Another use for these favors is that they can be exchanged for a boon asked of a temple's clergy. This boon can include full healing, curing of poison, and even resurrection of fallen comrades if you're of adequate devotion level. Be careful not to let your current favors fall to nothing, because then the deity will not heed your call.

    Followers of a deity can also call on the god for direct assistance for themselves (or others) in times of dire need. If the deity responds, you will see a symbol of it appear near you. If the favor is granted, you will see the effects of it immediately. This type of divine intervention is very expensive (in favors) and should not be relied on for day-to-day situations. However, characters have been known to get out of the most dangerous situations through their deity's aid.

    The Temples ...

    Temples. serve as a place to seek solace for members of all classes. Clerics may also TRAIN in the temple of their deity, and are required to DONTATE over and above their regular donations to receive this training. Members of any class can donate to their deity to seek FAVORS, or can RENOUNCE a deity so they might devote to another. Renunciation should be handled with the greatest of care, however, as many deities become very displeased when they lose a follower, and could be angered to the point of harming a former follower. If you choose not to DEDICATE to a god when you first arrive in Dragon's Gate, and later wish to devote to a deity, this is also done at the temple of your choice. Go to the altar and DEDICATE in order to follow a new god.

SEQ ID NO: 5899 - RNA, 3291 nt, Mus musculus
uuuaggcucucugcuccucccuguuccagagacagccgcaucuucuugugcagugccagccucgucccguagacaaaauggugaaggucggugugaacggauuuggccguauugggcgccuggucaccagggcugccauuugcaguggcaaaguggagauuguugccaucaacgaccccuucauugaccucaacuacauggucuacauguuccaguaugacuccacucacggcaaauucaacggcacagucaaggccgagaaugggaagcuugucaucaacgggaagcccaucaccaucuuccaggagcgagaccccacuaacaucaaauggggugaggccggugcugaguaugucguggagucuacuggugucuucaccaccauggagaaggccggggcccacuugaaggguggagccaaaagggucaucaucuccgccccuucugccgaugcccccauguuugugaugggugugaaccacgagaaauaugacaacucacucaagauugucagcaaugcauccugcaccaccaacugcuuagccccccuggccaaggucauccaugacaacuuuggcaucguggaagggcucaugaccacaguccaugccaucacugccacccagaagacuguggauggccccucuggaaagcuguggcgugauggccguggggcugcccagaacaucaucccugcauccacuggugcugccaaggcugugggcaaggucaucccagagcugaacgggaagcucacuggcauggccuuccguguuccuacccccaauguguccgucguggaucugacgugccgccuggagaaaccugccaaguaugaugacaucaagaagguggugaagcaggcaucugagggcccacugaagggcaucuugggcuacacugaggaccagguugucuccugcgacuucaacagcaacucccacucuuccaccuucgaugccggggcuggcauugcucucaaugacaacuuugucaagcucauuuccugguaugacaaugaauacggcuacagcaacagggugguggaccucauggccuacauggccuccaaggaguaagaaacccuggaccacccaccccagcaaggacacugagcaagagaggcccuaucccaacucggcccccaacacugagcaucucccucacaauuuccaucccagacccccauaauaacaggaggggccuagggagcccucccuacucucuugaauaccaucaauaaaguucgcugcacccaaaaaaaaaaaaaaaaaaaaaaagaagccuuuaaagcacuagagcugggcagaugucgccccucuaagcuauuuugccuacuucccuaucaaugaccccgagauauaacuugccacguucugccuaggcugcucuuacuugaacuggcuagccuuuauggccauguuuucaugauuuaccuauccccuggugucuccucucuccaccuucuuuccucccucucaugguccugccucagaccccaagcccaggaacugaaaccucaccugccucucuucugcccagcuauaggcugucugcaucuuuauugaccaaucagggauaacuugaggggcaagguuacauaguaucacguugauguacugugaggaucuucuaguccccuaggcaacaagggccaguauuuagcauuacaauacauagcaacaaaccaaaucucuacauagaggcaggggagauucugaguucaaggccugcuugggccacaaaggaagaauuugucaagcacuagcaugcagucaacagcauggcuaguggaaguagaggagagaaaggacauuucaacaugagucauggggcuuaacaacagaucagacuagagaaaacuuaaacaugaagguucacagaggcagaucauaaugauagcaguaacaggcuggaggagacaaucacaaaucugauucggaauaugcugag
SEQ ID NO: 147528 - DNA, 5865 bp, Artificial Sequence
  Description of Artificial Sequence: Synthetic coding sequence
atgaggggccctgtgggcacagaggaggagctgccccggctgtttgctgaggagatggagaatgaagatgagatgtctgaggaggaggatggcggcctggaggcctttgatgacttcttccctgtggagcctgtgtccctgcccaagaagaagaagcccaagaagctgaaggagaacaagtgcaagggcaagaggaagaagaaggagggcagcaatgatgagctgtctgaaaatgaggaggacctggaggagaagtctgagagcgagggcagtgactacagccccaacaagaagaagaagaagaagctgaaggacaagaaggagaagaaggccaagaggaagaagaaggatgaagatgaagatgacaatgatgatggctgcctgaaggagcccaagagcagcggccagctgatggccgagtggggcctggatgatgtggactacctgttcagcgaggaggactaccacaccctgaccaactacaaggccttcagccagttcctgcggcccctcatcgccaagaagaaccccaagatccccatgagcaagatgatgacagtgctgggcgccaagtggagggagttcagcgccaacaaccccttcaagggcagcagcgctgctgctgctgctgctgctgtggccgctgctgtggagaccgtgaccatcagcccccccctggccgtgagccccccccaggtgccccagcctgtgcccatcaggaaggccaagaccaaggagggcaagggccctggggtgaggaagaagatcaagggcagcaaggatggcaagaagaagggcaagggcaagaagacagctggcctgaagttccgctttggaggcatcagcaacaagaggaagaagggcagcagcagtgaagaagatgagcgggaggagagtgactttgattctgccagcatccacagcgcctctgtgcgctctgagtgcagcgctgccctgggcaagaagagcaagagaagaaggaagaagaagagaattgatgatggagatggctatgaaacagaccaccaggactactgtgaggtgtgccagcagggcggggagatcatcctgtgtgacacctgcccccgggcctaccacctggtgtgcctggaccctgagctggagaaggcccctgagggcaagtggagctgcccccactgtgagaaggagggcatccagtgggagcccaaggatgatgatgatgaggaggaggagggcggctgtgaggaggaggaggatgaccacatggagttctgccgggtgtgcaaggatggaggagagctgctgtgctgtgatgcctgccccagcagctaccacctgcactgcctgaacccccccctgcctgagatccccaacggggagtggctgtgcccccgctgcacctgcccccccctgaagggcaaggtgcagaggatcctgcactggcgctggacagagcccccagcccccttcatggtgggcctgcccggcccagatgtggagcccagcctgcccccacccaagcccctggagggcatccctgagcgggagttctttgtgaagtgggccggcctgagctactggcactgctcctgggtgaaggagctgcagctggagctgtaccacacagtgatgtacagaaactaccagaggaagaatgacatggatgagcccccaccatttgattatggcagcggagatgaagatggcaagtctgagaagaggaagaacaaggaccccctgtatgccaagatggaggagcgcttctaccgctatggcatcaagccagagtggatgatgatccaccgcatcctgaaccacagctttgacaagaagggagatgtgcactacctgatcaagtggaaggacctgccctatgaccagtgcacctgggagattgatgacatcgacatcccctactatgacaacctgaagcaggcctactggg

• Elindale •
    Elindale is the Goddess of Nature, including animals and the elements. Wildlife, vegetation, weather, and the seasons all fall within her realm of power.
    · details · 

    • Odarous •
    Odarous is the Deity of Battle and Chivalry. Odarians follow a strict code of battle, based upon valor and fair play.
    details · 

    • Rinanni •
    Rinanni is the Goddess of Peace, Love, and Knowledge. Rinanni teaches her followers to love, not hate.
    details · 

    • Sa •
    Sa is the embodiment of all of the processes by which magick functions. The worshipers of Sa worship magick in all its manifestations.
    details · 
    • Set •
    Set is most often worshipped by the impoverished and the lower class individuals of society, as Set condones and expects his worshipers to acquire goods for the temple through the use of sneakiness and chicanery.
    details · Image by Christian Holmes.

    • Taath •
    The deity of hate, fear, and ignorance. Taathian history in Aradath, and especially Spur, is long marked with vicious killers, open warfare, and all around treachery.
    details · 

    • Unknown •
    The temple of the Unknown god is fairly new to the Spur. Many have named this deity, “He who should not be named.” No one has ever seen any manifestation of this Deity,
    · details · 


    Alignment in Dragon's Gate ...